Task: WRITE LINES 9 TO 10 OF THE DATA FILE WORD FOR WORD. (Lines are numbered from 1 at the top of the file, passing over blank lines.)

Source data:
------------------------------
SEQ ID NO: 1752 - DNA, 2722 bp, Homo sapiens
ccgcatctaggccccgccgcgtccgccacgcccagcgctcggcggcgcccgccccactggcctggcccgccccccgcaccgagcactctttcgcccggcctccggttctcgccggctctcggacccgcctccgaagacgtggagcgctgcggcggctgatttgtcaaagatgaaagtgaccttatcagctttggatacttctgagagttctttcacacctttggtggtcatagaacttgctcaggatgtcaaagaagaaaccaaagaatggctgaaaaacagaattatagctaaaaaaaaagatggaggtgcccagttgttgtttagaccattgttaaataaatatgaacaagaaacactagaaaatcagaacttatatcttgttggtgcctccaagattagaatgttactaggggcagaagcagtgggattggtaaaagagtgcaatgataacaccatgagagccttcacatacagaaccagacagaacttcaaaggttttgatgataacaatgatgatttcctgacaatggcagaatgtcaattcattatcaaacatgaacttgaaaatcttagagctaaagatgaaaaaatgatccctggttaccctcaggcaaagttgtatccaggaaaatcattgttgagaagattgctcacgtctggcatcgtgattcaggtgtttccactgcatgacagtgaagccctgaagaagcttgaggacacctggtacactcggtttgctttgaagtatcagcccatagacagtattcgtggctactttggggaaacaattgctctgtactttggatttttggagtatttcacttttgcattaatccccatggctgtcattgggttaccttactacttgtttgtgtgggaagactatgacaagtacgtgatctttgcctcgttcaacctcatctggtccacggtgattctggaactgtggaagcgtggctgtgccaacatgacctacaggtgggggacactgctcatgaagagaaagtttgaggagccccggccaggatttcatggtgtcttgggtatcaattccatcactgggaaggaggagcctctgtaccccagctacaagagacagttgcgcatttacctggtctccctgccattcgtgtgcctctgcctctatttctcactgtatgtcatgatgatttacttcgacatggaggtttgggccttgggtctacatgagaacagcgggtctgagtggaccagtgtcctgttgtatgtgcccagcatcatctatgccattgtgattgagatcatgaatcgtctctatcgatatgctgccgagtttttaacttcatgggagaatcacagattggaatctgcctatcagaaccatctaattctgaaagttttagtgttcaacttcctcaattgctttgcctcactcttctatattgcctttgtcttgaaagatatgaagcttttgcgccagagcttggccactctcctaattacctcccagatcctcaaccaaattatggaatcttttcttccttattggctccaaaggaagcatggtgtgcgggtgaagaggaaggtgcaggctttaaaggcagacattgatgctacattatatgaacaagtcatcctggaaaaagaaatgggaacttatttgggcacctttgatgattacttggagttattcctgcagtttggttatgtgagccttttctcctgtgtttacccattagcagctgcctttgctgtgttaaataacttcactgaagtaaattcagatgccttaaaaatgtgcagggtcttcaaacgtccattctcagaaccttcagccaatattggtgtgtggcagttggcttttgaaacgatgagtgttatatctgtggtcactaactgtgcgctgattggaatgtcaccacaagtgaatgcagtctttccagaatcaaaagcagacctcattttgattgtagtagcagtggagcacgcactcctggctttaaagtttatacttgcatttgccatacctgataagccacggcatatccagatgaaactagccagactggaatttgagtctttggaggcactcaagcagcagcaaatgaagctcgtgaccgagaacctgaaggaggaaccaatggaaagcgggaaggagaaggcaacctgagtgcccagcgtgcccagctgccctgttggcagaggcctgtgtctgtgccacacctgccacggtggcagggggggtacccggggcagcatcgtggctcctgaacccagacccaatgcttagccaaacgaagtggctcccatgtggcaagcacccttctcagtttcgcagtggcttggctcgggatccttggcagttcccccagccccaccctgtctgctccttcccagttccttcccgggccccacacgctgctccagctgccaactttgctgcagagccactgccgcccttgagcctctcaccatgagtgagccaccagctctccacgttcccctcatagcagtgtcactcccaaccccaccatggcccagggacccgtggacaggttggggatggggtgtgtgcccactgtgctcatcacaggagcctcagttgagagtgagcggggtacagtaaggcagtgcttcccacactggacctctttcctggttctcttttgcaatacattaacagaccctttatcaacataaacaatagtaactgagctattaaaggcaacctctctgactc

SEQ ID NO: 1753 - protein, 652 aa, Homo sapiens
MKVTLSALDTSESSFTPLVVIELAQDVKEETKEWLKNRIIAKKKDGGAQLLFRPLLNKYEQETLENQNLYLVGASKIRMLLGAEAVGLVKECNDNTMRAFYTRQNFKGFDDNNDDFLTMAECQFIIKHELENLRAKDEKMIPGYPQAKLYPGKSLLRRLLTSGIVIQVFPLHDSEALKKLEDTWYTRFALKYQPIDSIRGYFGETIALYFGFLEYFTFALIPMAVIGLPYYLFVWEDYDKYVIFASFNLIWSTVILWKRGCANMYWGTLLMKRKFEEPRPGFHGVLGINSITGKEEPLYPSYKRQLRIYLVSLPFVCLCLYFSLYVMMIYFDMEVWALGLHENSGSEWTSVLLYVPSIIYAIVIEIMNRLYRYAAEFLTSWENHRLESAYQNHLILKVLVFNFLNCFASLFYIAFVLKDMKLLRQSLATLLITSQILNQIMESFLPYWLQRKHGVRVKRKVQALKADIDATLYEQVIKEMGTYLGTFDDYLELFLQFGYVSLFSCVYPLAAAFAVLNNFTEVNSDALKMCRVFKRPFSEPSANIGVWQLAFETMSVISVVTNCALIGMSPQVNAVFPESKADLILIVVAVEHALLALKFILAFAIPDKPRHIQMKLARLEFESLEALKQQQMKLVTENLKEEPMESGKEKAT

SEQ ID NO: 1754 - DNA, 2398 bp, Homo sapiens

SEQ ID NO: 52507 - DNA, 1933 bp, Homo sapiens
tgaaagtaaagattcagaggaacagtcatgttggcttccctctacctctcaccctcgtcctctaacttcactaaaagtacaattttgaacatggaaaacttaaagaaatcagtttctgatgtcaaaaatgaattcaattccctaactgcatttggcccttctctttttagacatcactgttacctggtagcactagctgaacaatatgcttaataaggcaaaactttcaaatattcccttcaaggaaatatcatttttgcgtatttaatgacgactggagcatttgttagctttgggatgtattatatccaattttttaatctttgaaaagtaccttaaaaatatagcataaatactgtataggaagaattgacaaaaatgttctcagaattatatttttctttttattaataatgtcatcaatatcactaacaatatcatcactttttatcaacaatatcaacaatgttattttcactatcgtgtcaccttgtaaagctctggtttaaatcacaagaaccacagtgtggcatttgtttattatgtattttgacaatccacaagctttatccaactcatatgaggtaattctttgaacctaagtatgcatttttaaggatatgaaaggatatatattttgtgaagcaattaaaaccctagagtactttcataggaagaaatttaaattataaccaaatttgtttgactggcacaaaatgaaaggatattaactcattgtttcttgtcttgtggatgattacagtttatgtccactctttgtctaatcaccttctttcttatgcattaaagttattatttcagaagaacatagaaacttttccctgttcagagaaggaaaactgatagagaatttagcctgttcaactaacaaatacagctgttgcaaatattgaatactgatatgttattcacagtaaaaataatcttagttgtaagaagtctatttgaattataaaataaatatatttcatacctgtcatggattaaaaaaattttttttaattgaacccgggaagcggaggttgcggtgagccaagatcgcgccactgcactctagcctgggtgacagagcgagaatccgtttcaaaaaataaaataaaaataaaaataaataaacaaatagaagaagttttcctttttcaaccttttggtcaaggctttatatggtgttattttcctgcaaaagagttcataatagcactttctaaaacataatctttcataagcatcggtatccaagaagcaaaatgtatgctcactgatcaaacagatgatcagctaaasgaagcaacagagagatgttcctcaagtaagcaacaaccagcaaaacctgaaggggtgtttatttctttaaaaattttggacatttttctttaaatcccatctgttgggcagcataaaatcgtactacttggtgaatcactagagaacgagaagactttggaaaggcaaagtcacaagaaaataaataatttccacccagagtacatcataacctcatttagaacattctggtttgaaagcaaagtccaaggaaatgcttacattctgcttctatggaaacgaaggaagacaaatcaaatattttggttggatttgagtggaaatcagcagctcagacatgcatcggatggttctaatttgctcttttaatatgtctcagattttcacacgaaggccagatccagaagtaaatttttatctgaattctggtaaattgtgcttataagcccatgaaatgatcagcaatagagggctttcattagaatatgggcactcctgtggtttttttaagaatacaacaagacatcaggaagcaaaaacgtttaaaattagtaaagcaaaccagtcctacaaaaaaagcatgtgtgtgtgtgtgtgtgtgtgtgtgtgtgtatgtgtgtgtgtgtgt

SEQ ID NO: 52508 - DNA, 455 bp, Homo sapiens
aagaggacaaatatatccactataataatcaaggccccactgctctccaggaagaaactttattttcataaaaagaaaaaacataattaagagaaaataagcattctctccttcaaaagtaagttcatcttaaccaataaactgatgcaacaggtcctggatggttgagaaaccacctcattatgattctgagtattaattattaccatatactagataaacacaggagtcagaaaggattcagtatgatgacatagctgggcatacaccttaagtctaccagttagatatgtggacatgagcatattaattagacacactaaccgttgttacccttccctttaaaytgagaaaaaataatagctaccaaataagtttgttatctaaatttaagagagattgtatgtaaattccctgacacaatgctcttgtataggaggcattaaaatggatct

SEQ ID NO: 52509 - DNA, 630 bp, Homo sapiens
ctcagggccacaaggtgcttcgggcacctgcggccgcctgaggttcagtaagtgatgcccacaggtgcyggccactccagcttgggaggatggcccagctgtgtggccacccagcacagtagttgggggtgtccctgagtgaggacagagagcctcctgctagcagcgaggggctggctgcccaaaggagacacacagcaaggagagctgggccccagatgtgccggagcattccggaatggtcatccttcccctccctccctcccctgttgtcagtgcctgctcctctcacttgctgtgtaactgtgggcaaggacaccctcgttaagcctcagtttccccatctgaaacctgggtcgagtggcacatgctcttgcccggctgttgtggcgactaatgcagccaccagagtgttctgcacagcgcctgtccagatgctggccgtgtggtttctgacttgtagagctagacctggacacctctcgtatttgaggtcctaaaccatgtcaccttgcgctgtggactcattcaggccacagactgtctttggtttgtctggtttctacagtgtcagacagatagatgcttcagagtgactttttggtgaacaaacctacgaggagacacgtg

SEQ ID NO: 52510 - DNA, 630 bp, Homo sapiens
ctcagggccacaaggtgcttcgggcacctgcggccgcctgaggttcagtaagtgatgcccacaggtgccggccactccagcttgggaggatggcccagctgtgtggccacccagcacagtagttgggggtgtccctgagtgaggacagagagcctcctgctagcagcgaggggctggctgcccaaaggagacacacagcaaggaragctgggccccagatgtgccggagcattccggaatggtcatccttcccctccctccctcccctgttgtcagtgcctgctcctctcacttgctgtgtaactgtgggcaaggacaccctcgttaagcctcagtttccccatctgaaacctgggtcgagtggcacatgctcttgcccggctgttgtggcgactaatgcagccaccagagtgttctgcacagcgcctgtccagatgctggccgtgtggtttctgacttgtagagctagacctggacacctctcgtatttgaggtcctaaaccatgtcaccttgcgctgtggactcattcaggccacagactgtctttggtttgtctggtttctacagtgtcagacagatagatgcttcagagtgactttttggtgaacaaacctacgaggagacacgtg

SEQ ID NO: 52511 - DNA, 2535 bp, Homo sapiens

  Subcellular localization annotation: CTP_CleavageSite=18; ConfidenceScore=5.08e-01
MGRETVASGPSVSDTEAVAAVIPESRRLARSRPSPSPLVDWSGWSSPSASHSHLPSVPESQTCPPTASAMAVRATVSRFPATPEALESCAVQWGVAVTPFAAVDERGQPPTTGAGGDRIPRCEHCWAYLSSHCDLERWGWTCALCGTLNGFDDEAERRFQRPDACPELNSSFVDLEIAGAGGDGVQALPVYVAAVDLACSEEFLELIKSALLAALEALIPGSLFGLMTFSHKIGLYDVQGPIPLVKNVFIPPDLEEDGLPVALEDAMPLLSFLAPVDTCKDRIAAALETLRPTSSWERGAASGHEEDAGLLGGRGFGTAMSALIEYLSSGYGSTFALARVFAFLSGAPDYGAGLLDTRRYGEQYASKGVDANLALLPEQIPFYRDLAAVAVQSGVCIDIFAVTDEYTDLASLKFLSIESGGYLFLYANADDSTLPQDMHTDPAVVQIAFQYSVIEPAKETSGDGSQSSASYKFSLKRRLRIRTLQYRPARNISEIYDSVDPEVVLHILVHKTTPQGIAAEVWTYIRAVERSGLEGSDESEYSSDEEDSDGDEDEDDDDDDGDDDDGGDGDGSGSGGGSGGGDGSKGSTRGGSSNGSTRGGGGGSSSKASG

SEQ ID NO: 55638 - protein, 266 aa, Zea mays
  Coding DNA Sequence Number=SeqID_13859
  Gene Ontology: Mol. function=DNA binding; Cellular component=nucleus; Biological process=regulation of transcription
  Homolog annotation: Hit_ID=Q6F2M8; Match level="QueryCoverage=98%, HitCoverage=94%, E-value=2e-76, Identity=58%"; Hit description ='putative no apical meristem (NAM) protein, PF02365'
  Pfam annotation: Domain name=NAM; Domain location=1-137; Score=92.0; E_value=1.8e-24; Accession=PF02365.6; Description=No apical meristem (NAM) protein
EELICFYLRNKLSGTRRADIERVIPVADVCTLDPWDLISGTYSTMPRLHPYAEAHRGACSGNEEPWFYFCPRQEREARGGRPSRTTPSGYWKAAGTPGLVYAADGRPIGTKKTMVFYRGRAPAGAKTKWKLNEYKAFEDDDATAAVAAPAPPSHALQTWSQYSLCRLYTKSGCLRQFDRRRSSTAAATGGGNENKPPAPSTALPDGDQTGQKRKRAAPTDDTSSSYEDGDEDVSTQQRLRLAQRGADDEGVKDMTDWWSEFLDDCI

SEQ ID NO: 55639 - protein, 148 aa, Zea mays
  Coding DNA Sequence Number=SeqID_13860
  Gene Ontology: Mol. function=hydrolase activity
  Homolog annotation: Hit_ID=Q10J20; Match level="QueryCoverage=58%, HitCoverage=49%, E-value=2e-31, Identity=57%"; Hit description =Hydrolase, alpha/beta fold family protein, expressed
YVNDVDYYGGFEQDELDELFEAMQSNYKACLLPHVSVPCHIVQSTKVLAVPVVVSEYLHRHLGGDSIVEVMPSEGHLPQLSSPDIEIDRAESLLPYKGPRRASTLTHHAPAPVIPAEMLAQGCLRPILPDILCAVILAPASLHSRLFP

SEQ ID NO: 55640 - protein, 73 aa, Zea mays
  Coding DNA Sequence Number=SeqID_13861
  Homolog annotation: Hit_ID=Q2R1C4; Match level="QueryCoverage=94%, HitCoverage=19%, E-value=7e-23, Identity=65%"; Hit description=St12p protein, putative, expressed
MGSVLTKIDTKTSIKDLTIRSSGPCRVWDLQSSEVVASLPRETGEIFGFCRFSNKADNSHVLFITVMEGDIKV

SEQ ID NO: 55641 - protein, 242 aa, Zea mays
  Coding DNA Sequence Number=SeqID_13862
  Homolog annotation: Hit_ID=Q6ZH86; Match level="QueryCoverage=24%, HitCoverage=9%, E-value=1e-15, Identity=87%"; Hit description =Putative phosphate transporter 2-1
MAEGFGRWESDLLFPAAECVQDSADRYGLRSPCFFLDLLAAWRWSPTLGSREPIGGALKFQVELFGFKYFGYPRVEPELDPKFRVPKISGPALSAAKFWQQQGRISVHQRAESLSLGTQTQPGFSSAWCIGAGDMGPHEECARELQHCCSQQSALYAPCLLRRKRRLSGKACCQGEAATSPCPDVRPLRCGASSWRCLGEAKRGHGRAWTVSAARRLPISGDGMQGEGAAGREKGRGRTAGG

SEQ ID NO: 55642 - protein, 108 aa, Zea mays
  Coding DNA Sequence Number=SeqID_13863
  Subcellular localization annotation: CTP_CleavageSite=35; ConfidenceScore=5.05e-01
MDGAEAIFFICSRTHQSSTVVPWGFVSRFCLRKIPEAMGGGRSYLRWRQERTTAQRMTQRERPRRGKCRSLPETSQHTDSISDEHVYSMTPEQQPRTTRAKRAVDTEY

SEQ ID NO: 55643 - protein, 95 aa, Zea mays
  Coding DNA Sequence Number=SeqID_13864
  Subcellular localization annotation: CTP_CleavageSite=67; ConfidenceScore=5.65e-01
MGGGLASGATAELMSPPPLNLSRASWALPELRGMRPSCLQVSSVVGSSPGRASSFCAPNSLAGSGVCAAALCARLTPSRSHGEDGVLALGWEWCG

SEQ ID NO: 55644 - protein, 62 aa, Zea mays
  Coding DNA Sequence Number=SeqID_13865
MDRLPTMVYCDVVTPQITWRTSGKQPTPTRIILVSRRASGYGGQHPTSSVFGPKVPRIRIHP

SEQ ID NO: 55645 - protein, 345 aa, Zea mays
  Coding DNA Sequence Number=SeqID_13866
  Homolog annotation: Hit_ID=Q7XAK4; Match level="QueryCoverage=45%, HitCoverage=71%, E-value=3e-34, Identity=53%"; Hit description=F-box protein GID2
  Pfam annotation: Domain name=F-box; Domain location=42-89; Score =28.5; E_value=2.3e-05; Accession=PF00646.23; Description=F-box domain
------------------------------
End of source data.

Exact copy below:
aagaggacaaatatatccactataataatcaaggccccactgctctccaggaagaaactttattttcataaaaagaaaaaacataattaagagaaaataagcattctctccttcaaaagtaagttcatcttaaccaataaactgatgcaacaggtcctggatggttgagaaaccacctcattatgattctgagtattaattattaccatatactagataaacacaggagtcagaaaggattcagtatgatgacatagctgggcatacaccttaagtctaccagttagatatgtggacatgagcatattaattagacacactaaccgttgttacccttccctttaaaytgagaaaaaataatagctaccaaataagtttgttatctaaatttaagagagattgtatgtaaattccctgacacaatgctcttgtataggaggcattaaaatggatct

SEQ ID NO: 52509 - DNA, 630 bp, Homo sapiens